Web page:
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I have a fairly large network with eleven commodities and arc capacities that are commodity-dependent (i.e. an arc may have a higher capacity for one commodity than another). I'm solving a protection-interdiction-restoration problem using Benders' decomposition, and running into some initial error because (I believe) the network is unbalanced so there is unmet demand to start. What would be a potential way to check how the network is unbalanced? The supply and demand for each commodity are equal across the entire network, but there may be some issue with arc capacity or general connectivity.

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From your question I gather that your problem instance is infeasible because your network capacities are not high enough. One easy trick is to include artificial arcs that directly connect a supply and a demand node. These artificial arcs have unlimited capacity (or capacity equal to the demand). Give these arcs a high cost (larger than the most expensive path that connects the supply and demand node pair in the original graph). That way, if the original network does not have enough capacity, some volume will be routed through the expensive artificial arcs and your solution is guaranteed to be feasible.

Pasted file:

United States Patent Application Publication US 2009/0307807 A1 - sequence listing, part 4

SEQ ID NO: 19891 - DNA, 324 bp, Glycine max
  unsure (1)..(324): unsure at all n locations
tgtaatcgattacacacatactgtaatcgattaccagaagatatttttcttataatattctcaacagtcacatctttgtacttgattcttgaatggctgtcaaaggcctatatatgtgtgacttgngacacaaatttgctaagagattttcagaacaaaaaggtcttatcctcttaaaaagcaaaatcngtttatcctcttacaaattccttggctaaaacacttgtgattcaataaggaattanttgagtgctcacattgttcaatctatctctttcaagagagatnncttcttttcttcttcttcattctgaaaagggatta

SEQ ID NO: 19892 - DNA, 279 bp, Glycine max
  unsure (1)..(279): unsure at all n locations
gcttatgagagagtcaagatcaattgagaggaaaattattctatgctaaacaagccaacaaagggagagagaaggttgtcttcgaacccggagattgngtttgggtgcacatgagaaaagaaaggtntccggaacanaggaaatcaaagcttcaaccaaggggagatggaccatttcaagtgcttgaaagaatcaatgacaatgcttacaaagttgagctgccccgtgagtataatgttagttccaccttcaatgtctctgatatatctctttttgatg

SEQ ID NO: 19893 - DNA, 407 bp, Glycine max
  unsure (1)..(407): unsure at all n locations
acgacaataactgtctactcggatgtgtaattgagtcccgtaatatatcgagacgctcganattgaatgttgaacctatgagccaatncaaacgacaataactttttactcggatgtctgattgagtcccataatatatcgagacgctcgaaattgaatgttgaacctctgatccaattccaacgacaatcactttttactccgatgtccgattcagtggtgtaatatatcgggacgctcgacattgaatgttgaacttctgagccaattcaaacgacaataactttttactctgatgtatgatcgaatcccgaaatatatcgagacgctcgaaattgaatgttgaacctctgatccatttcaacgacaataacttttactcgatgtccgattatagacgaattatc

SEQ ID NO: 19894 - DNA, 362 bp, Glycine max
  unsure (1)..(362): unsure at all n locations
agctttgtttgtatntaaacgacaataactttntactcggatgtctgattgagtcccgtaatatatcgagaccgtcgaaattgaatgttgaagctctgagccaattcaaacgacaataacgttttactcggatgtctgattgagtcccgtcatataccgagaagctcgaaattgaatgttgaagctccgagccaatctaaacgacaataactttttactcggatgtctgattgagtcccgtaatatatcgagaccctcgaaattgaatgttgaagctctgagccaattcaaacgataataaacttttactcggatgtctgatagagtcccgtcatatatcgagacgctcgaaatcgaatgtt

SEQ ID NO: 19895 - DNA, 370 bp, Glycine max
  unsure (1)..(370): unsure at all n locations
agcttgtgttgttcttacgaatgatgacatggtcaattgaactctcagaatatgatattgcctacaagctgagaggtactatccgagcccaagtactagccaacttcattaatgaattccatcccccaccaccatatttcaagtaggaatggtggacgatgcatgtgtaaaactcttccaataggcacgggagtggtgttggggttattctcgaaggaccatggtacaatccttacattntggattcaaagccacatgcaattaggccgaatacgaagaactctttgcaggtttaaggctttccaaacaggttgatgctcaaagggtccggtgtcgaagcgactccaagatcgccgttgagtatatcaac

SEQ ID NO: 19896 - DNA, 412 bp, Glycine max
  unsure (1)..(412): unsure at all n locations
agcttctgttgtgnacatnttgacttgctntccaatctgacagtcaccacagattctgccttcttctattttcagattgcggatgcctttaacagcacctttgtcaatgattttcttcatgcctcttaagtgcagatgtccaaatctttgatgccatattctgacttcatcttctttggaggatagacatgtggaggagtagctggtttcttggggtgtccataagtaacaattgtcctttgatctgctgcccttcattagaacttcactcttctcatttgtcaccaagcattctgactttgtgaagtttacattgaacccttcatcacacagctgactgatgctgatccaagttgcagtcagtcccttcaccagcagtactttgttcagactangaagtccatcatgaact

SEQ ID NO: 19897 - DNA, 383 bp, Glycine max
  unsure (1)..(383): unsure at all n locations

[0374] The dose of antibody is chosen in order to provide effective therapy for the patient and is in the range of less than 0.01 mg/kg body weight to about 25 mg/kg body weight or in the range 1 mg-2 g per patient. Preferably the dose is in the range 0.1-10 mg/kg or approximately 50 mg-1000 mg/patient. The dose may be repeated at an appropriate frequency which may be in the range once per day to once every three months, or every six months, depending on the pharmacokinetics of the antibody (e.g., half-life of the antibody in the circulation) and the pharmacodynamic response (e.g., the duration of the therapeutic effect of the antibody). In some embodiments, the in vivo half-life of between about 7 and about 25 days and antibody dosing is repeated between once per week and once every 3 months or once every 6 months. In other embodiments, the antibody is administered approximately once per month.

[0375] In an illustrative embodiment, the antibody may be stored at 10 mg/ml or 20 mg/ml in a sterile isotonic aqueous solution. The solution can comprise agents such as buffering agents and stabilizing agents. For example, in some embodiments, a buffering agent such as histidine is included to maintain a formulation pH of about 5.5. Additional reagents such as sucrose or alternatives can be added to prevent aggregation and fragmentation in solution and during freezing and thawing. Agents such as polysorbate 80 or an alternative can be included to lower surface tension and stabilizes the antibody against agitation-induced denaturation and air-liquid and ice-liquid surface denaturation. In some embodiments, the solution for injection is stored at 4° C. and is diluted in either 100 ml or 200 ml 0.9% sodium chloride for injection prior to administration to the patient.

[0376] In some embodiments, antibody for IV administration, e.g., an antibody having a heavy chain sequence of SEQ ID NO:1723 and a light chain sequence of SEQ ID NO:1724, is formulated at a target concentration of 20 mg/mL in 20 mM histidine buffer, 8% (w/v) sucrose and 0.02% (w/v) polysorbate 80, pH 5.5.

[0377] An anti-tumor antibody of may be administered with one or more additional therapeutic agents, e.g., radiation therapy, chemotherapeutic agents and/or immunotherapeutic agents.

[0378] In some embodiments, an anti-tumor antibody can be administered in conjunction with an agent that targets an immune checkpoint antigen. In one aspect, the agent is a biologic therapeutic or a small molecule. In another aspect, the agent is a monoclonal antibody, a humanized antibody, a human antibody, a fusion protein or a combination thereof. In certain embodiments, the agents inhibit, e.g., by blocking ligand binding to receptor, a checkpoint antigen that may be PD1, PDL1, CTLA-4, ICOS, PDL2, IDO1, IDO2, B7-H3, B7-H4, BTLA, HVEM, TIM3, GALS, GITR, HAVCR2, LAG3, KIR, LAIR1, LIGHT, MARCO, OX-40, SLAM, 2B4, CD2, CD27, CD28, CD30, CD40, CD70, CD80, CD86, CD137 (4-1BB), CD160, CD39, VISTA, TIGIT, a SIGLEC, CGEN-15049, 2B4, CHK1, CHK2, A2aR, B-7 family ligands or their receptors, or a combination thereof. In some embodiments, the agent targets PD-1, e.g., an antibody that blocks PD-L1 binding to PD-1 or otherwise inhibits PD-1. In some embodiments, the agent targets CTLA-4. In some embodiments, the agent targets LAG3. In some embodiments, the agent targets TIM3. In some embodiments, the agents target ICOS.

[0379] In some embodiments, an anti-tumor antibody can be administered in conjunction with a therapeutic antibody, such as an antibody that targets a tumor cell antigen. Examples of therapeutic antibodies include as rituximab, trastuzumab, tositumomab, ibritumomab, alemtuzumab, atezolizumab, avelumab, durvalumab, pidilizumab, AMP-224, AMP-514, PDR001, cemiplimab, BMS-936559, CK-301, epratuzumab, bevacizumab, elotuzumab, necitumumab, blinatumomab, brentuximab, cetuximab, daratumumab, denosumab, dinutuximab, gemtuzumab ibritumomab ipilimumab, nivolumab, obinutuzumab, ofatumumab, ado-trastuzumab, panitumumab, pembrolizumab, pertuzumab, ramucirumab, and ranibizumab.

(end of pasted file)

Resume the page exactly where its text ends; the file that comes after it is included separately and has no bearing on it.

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In addition to Joris's answer, another thing you might want to try is to solve a min cost flow problem on the network, without any interdiction threat and (importantly) without using Benders decomposition. If capacity is a bottleneck, this will identify it. If the min cost flow problem is feasible, then it may be that your Benders cuts are rendering the problem infeasible, in which case you might want to check that they are implemented correctly.

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